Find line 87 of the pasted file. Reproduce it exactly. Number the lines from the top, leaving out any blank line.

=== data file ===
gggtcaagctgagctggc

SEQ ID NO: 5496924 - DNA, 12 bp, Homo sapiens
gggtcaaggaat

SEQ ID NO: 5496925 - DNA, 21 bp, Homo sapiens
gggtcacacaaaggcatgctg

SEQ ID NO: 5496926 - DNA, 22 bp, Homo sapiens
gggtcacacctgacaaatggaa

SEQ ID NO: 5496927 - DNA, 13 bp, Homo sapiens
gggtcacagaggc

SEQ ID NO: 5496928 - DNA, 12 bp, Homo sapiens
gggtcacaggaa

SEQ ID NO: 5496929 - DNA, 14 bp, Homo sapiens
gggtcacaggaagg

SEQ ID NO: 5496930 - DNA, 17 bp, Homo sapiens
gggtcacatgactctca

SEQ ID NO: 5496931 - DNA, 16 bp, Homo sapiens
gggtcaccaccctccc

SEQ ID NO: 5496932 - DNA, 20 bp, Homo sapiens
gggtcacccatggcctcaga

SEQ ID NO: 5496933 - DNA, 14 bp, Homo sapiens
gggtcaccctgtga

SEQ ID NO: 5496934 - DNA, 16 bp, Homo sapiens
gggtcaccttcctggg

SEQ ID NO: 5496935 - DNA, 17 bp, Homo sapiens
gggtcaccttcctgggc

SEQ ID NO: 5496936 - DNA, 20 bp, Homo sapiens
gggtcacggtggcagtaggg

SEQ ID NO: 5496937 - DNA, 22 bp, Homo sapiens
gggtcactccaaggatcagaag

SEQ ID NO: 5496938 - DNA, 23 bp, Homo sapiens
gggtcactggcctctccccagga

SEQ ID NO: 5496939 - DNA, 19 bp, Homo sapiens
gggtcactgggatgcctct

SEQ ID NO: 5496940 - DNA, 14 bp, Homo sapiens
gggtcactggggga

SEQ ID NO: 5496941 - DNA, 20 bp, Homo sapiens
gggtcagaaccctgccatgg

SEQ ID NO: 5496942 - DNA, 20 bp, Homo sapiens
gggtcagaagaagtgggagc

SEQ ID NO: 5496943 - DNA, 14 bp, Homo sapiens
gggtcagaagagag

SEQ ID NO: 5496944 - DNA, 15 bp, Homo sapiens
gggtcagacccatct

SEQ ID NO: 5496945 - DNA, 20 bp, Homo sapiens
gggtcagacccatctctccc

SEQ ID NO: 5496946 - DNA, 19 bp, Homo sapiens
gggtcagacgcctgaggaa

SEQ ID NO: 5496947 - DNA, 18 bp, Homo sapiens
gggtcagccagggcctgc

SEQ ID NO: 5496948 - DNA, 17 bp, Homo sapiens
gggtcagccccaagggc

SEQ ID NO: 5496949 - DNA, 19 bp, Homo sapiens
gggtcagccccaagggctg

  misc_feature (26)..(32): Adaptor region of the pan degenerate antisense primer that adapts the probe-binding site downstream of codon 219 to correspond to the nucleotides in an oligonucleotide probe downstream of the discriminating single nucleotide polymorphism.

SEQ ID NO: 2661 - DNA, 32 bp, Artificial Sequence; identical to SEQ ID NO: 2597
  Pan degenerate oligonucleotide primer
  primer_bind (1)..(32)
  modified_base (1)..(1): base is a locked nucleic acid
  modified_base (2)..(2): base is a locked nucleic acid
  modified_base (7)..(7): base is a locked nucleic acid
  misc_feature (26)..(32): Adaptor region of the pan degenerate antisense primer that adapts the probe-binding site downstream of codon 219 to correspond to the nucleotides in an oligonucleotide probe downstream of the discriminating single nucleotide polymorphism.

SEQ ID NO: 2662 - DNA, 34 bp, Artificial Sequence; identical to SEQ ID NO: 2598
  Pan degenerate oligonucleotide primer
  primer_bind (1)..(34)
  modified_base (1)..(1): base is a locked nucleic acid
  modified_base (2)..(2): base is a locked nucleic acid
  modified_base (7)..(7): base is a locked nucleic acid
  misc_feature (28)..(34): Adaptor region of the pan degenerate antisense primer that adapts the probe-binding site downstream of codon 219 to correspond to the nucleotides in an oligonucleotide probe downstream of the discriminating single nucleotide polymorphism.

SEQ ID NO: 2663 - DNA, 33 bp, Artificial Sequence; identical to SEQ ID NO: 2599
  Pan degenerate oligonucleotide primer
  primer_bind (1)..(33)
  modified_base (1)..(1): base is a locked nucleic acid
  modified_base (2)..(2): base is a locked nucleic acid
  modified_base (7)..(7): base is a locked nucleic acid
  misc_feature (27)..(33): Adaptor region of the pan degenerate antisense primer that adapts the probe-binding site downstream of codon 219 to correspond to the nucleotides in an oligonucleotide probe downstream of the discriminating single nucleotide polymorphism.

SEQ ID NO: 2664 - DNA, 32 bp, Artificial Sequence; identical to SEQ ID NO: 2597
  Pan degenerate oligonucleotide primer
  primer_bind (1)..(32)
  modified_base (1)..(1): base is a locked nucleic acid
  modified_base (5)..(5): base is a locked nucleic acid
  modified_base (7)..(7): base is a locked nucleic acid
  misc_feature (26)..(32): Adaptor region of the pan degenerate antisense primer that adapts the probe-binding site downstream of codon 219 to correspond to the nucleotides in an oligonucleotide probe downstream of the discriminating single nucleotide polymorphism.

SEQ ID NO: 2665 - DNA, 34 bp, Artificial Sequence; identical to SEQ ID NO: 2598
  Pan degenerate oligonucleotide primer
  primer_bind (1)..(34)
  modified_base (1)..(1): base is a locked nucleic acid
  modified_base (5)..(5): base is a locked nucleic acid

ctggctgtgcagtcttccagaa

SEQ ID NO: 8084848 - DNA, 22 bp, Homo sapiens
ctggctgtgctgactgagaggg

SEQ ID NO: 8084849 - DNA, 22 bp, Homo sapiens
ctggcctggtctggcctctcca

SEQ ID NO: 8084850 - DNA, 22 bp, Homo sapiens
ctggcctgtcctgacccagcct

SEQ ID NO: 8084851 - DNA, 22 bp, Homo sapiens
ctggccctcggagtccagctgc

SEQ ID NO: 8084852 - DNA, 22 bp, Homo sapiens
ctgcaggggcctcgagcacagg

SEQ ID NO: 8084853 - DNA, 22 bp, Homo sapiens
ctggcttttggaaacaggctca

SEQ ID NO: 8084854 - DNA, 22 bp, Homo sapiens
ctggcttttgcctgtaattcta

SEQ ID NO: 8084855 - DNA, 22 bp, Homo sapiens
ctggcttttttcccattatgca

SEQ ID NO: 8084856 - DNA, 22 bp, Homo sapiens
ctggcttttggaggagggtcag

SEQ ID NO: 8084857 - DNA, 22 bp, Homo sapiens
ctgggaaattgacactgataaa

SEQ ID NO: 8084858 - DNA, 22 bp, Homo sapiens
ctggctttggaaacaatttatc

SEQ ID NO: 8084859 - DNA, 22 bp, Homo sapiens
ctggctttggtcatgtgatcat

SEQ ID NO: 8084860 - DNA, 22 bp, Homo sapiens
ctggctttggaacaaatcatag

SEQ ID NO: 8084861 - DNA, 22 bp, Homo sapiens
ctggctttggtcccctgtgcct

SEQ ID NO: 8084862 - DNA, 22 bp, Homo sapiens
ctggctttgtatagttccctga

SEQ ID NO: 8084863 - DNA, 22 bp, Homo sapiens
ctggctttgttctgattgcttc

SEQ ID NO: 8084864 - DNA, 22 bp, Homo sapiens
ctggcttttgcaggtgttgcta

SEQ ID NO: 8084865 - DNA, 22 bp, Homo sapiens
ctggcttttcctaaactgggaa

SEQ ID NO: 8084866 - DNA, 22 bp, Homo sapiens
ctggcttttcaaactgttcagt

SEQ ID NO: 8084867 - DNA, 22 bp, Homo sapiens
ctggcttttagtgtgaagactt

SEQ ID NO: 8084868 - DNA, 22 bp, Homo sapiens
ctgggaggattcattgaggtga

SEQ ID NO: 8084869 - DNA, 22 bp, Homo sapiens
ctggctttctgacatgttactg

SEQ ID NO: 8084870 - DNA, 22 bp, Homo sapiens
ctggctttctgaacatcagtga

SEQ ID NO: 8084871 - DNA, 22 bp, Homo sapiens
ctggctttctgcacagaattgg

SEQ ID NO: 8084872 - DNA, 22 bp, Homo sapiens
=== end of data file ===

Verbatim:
  modified_base (5)..(5): base is a locked nucleic acid